This isn't a quote from the book but it could have been. I thought long and hard before giving one star for this book because it is well written and has a lot of interesting research about work and how humankind deal with this necessary evil. However I wanted, and was expecting, some kind of suggested action plan to identify what job might suit me and how to progress in that direction. What I got was heavy-duty wordy research/history on work in general and case studies of well paid professionals who had all they needed materially but didn't enjoy their job. News flash everyone struggles to find the enjoyment in their job, although not everyone is as well paid for doing their job as these guys so stop whining.
Anyway the overall answer to how to find fulfilling work was to try out lots of different jobs (in a work experience sense) to see what suits you. I take issue with this as it's a great idea in theory that's simply not possible in the real world. Even if you have money enough to do unpaid work for a while and don't have restricting family commitments, do you know how difficult it is to get work experience? Firstly so many places require a CRB check, even unpaid staff, and it has to be done by each company you're working with. They won't pay £40 for a CRB check so you can have a few days work experience never to be seen again. Equally references are usually required for each new company you work with and while most of us have a couple of people who are happy to write us a reference, would they be happy to write 6 or more a year answering different questions from different companies. If you are well connected you may be able to blag a day here and a day there unofficially shadowing but that won't teach you much about a job and as Roman points out 'lawyers hang out with lawyers' so you'll probably end up shadowing in an industry you already know about anyhow. Those that don't have connections, references, time or money are screwed.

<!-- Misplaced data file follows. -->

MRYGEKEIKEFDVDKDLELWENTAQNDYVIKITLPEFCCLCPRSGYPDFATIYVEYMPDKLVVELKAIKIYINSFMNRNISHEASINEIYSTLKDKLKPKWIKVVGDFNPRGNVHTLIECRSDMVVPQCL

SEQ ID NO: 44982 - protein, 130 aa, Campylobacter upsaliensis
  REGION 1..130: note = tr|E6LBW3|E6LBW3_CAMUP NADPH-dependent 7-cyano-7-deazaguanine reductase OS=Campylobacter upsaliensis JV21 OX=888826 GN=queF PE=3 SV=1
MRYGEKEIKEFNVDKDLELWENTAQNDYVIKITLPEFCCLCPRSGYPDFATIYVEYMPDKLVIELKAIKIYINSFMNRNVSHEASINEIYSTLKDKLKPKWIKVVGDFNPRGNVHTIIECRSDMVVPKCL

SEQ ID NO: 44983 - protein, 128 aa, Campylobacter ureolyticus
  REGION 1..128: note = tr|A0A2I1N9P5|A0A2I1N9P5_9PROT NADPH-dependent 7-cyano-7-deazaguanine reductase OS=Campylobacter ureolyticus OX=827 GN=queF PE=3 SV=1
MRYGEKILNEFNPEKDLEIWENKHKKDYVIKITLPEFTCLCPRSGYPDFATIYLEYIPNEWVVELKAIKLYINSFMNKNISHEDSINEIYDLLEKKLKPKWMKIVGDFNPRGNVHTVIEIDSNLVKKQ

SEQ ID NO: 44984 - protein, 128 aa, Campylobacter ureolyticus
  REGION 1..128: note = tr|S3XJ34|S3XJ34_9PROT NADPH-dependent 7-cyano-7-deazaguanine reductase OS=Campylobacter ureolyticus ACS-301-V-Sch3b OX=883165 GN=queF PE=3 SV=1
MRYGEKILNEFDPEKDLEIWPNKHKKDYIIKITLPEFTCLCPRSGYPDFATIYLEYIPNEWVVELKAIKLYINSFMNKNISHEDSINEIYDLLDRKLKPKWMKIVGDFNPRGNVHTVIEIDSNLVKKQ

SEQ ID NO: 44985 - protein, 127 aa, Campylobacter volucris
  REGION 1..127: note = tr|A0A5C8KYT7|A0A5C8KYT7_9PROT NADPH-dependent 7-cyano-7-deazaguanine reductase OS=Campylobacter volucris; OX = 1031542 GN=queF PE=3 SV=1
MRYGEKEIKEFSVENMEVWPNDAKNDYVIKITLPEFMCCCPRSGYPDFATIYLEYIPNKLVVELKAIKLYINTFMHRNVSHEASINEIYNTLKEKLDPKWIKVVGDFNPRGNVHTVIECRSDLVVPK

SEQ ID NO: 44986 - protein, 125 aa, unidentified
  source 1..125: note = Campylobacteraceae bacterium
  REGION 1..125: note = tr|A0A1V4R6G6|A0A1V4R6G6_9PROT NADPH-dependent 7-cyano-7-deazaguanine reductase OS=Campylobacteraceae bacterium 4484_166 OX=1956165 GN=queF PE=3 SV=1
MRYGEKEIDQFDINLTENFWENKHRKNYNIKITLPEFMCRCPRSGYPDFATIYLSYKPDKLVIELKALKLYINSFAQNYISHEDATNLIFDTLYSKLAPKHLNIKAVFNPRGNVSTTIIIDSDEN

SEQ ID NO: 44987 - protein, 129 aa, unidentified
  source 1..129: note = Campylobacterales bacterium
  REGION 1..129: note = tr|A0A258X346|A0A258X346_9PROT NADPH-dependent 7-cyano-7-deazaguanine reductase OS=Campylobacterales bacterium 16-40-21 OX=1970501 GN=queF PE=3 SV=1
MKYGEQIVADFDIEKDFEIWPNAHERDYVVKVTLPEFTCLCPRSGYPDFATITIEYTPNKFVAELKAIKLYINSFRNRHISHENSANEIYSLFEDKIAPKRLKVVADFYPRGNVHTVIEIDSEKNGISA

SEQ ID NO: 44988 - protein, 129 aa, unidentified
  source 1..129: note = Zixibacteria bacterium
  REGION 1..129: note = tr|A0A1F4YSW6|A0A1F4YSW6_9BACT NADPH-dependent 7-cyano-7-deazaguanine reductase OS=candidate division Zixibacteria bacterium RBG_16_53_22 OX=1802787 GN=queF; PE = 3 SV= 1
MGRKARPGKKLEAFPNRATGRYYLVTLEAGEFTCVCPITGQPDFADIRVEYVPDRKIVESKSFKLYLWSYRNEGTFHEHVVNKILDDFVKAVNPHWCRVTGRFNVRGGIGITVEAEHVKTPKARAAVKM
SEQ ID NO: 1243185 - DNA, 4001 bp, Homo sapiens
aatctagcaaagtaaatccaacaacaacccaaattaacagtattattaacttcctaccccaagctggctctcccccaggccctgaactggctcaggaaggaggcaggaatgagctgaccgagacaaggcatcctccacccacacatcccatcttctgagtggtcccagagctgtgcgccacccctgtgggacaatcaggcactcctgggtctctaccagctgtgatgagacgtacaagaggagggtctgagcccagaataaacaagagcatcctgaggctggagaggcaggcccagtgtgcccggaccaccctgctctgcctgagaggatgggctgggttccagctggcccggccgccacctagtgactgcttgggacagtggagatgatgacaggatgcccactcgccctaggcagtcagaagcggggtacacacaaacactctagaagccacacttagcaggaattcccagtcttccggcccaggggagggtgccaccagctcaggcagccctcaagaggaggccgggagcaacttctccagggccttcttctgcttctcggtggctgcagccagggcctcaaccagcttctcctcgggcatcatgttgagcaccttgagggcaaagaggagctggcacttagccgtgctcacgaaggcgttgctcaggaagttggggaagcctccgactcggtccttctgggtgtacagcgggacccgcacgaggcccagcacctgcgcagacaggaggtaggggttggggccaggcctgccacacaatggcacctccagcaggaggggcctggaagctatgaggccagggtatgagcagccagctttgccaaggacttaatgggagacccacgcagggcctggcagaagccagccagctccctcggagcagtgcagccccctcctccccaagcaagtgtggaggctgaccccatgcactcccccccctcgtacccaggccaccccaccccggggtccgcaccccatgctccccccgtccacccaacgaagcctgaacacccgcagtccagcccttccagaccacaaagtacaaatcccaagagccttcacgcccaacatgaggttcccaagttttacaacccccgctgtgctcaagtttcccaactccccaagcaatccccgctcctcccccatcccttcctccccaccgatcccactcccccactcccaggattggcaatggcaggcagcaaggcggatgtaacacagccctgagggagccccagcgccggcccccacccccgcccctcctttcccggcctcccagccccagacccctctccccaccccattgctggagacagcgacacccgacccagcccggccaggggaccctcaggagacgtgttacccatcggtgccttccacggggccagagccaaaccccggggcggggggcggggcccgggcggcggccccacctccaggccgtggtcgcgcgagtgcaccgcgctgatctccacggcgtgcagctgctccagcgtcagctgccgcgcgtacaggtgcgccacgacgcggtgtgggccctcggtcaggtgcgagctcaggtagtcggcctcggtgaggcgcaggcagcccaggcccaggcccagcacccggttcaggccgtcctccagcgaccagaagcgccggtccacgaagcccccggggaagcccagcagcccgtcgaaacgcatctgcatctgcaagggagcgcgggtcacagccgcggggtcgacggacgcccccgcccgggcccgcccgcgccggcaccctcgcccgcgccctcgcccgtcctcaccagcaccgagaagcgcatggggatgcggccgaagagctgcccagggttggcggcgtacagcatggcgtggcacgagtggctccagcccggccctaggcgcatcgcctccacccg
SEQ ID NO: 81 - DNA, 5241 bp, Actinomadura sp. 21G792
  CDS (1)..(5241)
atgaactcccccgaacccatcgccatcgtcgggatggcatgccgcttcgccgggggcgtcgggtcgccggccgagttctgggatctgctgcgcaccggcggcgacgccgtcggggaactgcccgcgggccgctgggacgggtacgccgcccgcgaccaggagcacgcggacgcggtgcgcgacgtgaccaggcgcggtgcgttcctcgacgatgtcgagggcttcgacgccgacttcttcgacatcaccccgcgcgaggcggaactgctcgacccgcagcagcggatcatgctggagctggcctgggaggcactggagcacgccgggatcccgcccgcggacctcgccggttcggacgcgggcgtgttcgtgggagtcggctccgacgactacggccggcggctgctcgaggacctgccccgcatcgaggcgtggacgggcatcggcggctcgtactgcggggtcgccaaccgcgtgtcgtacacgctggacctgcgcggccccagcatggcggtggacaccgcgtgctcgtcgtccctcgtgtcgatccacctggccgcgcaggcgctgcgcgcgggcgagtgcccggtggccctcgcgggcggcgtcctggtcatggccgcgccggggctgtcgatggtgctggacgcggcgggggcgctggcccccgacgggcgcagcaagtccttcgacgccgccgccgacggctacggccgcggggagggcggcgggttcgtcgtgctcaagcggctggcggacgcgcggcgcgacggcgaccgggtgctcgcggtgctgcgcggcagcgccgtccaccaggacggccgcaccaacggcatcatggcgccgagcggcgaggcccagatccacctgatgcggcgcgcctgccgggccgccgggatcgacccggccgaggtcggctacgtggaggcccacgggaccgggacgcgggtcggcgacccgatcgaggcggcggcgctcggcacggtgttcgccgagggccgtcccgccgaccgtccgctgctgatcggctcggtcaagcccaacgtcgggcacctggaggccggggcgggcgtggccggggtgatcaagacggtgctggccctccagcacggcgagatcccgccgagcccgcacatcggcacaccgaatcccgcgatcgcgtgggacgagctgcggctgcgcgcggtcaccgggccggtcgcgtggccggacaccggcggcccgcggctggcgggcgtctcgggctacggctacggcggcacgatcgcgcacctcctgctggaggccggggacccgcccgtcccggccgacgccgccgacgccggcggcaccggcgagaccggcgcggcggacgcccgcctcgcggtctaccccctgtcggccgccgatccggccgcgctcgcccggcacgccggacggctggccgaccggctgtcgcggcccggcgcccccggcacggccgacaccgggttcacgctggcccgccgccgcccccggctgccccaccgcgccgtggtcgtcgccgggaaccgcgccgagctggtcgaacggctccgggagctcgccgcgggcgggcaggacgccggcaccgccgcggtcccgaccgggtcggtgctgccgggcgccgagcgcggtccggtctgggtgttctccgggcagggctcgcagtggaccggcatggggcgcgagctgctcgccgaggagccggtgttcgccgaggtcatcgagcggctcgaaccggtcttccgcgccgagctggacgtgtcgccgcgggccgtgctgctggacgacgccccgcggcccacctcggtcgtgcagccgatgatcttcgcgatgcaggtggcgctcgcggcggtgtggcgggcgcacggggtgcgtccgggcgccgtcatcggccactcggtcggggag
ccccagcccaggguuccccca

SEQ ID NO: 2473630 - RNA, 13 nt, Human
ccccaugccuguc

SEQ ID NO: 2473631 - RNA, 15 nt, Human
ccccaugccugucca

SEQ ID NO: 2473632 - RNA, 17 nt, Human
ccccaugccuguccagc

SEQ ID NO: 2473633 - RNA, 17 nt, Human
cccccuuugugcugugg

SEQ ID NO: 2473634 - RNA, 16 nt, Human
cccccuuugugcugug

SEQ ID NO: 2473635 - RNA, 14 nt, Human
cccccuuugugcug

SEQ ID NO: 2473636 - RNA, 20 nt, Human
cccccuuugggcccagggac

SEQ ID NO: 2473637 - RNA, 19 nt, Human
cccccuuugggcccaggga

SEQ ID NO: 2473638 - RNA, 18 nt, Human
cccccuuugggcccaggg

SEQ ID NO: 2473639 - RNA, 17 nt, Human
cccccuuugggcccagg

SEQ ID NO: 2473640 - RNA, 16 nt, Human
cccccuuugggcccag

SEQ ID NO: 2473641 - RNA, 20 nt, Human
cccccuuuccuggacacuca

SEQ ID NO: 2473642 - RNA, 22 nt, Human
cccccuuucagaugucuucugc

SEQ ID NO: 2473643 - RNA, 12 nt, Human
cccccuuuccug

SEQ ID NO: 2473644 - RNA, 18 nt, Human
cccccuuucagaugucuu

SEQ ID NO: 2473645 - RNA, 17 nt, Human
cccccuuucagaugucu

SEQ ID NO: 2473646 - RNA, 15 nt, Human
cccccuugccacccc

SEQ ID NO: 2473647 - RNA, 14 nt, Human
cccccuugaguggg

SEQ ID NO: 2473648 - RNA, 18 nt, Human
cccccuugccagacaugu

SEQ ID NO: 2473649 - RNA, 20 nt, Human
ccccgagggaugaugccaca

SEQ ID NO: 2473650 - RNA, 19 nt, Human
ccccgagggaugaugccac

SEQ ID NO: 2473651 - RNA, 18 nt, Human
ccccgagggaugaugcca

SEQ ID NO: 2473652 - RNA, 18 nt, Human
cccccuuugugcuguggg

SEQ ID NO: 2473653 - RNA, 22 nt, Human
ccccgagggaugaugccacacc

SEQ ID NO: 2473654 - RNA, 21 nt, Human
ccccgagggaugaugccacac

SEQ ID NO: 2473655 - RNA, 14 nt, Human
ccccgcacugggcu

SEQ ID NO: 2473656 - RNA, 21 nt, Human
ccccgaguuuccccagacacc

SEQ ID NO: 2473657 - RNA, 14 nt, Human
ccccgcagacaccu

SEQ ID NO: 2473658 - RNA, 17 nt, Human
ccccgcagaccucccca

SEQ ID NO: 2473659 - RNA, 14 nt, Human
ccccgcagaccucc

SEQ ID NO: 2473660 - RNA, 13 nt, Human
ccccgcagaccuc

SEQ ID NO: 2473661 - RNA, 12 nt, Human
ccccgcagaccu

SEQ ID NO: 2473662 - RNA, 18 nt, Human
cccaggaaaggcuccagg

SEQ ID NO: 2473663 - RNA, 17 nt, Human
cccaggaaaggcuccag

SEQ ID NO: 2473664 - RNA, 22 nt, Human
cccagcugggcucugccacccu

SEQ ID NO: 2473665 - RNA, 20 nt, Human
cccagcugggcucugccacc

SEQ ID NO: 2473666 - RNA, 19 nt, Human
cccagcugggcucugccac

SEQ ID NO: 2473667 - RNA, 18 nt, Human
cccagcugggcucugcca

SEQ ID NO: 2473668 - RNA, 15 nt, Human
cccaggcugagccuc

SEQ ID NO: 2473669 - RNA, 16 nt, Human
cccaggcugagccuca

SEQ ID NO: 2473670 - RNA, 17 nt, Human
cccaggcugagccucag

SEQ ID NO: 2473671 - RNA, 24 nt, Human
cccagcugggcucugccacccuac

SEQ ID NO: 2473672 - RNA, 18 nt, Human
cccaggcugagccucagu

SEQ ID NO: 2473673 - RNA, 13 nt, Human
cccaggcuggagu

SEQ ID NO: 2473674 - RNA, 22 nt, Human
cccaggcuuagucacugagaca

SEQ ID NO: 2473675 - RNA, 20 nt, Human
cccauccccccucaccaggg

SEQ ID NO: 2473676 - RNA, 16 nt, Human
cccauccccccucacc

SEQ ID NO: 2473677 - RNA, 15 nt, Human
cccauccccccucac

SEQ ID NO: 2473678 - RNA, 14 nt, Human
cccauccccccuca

I brought the book because I want to move out of the poorly paid and draining charity sector for a professional career and I found it depressing to hear the case studies of professionals who have everything I want but hate it and after paying off the mortgage go work in the charity sector for that sense of fulfilment. Spare me, charity jobs are fulfilling when you believe you don't have to work as hard (?!) and don't have to rely on the income. For those who work in the charity sector and haven't cleared our mortgage yet, we have daily worries about quality, kpi's, losing funding and losing our jobs to over qualified candidates looking for that warm gushy feeling inside you get from 'charity work'
It's an interesting read on the history of work but that's it. It may inspire hope if you're an unhappy educated wealthy professional looking to take your foot off the pedal with lots of options already but why you'd actually need this book I don't know. For everyone else it doesn't really offer anything practical, of course we'd all love to spend a day or two shadowing the Guardian's assistant editor, or following an a&e doctor around but it's just not going to happen. contrary to the advice in this book most of us do have to work out what we want before we take action because we are limited by money, time, family commitments , lack of contacts, and education. We can't afford to try and if it's not right, try again. If we are going to gamble many thousands of pounds on education or give up paid work to get us somewhere we need it to be the right somewhere. This book does nothing to address these issues so to me it was useless.